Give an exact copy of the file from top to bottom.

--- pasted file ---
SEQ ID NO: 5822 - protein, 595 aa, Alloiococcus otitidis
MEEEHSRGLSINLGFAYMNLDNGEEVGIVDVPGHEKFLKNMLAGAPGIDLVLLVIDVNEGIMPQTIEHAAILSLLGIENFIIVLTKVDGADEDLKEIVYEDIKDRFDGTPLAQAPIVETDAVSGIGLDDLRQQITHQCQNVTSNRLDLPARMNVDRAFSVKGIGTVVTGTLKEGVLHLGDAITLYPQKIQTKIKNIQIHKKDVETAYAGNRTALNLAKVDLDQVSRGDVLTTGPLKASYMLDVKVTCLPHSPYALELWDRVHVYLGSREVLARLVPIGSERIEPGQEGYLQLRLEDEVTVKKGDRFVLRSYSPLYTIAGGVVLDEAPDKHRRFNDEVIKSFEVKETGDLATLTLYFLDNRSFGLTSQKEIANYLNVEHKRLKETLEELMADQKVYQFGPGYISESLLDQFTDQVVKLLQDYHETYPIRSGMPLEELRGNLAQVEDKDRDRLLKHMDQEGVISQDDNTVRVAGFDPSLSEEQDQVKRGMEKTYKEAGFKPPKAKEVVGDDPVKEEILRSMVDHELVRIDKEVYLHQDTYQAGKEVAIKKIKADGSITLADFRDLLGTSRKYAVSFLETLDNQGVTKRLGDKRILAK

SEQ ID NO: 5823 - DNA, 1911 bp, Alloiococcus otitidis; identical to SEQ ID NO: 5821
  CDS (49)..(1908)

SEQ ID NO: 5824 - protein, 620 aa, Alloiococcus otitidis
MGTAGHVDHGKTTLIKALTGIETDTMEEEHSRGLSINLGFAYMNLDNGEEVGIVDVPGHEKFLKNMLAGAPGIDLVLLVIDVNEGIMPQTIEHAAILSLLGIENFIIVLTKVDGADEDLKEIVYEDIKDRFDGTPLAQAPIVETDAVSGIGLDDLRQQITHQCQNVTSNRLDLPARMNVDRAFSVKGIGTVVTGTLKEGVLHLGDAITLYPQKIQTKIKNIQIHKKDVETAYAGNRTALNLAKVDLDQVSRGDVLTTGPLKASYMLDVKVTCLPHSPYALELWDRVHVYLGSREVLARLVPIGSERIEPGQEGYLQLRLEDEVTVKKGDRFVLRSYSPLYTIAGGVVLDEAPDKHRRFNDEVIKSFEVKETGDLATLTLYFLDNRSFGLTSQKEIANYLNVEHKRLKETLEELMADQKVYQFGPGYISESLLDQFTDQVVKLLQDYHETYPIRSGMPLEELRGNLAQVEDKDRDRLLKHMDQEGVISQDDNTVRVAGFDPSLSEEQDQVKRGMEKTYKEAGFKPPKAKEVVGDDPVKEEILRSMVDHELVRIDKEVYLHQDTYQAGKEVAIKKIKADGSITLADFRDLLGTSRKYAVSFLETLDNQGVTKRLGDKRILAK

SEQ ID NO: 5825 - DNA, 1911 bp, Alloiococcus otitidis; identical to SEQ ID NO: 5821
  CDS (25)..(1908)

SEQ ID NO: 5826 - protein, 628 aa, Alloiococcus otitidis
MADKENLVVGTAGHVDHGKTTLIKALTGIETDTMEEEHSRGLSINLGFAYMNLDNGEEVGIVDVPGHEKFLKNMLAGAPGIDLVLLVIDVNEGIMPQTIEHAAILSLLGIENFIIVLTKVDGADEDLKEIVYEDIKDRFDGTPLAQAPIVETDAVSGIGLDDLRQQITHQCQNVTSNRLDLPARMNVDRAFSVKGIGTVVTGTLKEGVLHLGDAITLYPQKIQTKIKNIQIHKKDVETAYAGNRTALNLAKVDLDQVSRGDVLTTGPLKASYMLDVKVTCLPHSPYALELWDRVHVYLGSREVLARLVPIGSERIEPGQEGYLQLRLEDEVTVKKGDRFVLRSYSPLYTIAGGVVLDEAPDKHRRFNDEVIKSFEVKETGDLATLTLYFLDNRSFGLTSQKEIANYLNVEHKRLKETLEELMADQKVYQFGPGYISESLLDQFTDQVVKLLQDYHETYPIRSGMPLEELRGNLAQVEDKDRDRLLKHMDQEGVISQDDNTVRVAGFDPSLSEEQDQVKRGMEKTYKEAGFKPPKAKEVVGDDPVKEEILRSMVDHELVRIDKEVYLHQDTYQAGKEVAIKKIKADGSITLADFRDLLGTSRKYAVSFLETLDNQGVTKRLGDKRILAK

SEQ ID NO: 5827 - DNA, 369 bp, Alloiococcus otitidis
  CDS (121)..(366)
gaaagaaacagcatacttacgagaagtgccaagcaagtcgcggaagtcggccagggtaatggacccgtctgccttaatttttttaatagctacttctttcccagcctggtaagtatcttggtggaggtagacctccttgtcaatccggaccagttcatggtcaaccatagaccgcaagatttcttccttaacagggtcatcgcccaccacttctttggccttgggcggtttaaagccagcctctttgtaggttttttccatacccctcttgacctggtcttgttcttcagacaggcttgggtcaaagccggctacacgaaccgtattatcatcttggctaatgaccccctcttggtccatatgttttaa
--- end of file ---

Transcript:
SEQ ID NO: 5822 - protein, 595 aa, Alloiococcus otitidis
MEEEHSRGLSINLGFAYMNLDNGEEVGIVDVPGHEKFLKNMLAGAPGIDLVLLVIDVNEGIMPQTIEHAAILSLLGIENFIIVLTKVDGADEDLKEIVYEDIKDRFDGTPLAQAPIVETDAVSGIGLDDLRQQITHQCQNVTSNRLDLPARMNVDRAFSVKGIGTVVTGTLKEGVLHLGDAITLYPQKIQTKIKNIQIHKKDVETAYAGNRTALNLAKVDLDQVSRGDVLTTGPLKASYMLDVKVTCLPHSPYALELWDRVHVYLGSREVLARLVPIGSERIEPGQEGYLQLRLEDEVTVKKGDRFVLRSYSPLYTIAGGVVLDEAPDKHRRFNDEVIKSFEVKETGDLATLTLYFLDNRSFGLTSQKEIANYLNVEHKRLKETLEELMADQKVYQFGPGYISESLLDQFTDQVVKLLQDYHETYPIRSGMPLEELRGNLAQVEDKDRDRLLKHMDQEGVISQDDNTVRVAGFDPSLSEEQDQVKRGMEKTYKEAGFKPPKAKEVVGDDPVKEEILRSMVDHELVRIDKEVYLHQDTYQAGKEVAIKKIKADGSITLADFRDLLGTSRKYAVSFLETLDNQGVTKRLGDKRILAK

SEQ ID NO: 5823 - DNA, 1911 bp, Alloiococcus otitidis; identical to SEQ ID NO: 5821
  CDS (49)..(1908)

SEQ ID NO: 5824 - protein, 620 aa, Alloiococcus otitidis
MGTAGHVDHGKTTLIKALTGIETDTMEEEHSRGLSINLGFAYMNLDNGEEVGIVDVPGHEKFLKNMLAGAPGIDLVLLVIDVNEGIMPQTIEHAAILSLLGIENFIIVLTKVDGADEDLKEIVYEDIKDRFDGTPLAQAPIVETDAVSGIGLDDLRQQITHQCQNVTSNRLDLPARMNVDRAFSVKGIGTVVTGTLKEGVLHLGDAITLYPQKIQTKIKNIQIHKKDVETAYAGNRTALNLAKVDLDQVSRGDVLTTGPLKASYMLDVKVTCLPHSPYALELWDRVHVYLGSREVLARLVPIGSERIEPGQEGYLQLRLEDEVTVKKGDRFVLRSYSPLYTIAGGVVLDEAPDKHRRFNDEVIKSFEVKETGDLATLTLYFLDNRSFGLTSQKEIANYLNVEHKRLKETLEELMADQKVYQFGPGYISESLLDQFTDQVVKLLQDYHETYPIRSGMPLEELRGNLAQVEDKDRDRLLKHMDQEGVISQDDNTVRVAGFDPSLSEEQDQVKRGMEKTYKEAGFKPPKAKEVVGDDPVKEEILRSMVDHELVRIDKEVYLHQDTYQAGKEVAIKKIKADGSITLADFRDLLGTSRKYAVSFLETLDNQGVTKRLGDKRILAK

SEQ ID NO: 5825 - DNA, 1911 bp, Alloiococcus otitidis; identical to SEQ ID NO: 5821
  CDS (25)..(1908)

SEQ ID NO: 5826 - protein, 628 aa, Alloiococcus otitidis
MADKENLVVGTAGHVDHGKTTLIKALTGIETDTMEEEHSRGLSINLGFAYMNLDNGEEVGIVDVPGHEKFLKNMLAGAPGIDLVLLVIDVNEGIMPQTIEHAAILSLLGIENFIIVLTKVDGADEDLKEIVYEDIKDRFDGTPLAQAPIVETDAVSGIGLDDLRQQITHQCQNVTSNRLDLPARMNVDRAFSVKGIGTVVTGTLKEGVLHLGDAITLYPQKIQTKIKNIQIHKKDVETAYAGNRTALNLAKVDLDQVSRGDVLTTGPLKASYMLDVKVTCLPHSPYALELWDRVHVYLGSREVLARLVPIGSERIEPGQEGYLQLRLEDEVTVKKGDRFVLRSYSPLYTIAGGVVLDEAPDKHRRFNDEVIKSFEVKETGDLATLTLYFLDNRSFGLTSQKEIANYLNVEHKRLKETLEELMADQKVYQFGPGYISESLLDQFTDQVVKLLQDYHETYPIRSGMPLEELRGNLAQVEDKDRDRLLKHMDQEGVISQDDNTVRVAGFDPSLSEEQDQVKRGMEKTYKEAGFKPPKAKEVVGDDPVKEEILRSMVDHELVRIDKEVYLHQDTYQAGKEVAIKKIKADGSITLADFRDLLGTSRKYAVSFLETLDNQGVTKRLGDKRILAK

SEQ ID NO: 5827 - DNA, 369 bp, Alloiococcus otitidis
  CDS (121)..(366)
gaaagaaacagcatacttacgagaagtgccaagcaagtcgcggaagtcggccagggtaatggacccgtctgccttaatttttttaatagctacttctttcccagcctggtaagtatcttggtggaggtagacctccttgtcaatccggaccagttcatggtcaaccatagaccgcaagatttcttccttaacagggtcatcgcccaccacttctttggccttgggcggtttaaagccagcctctttgtaggttttttccatacccctcttgacctggtcttgttcttcagacaggcttgggtcaaagccggctacacgaaccgtattatcatcttggctaatgaccccctcttggtccatatgttttaa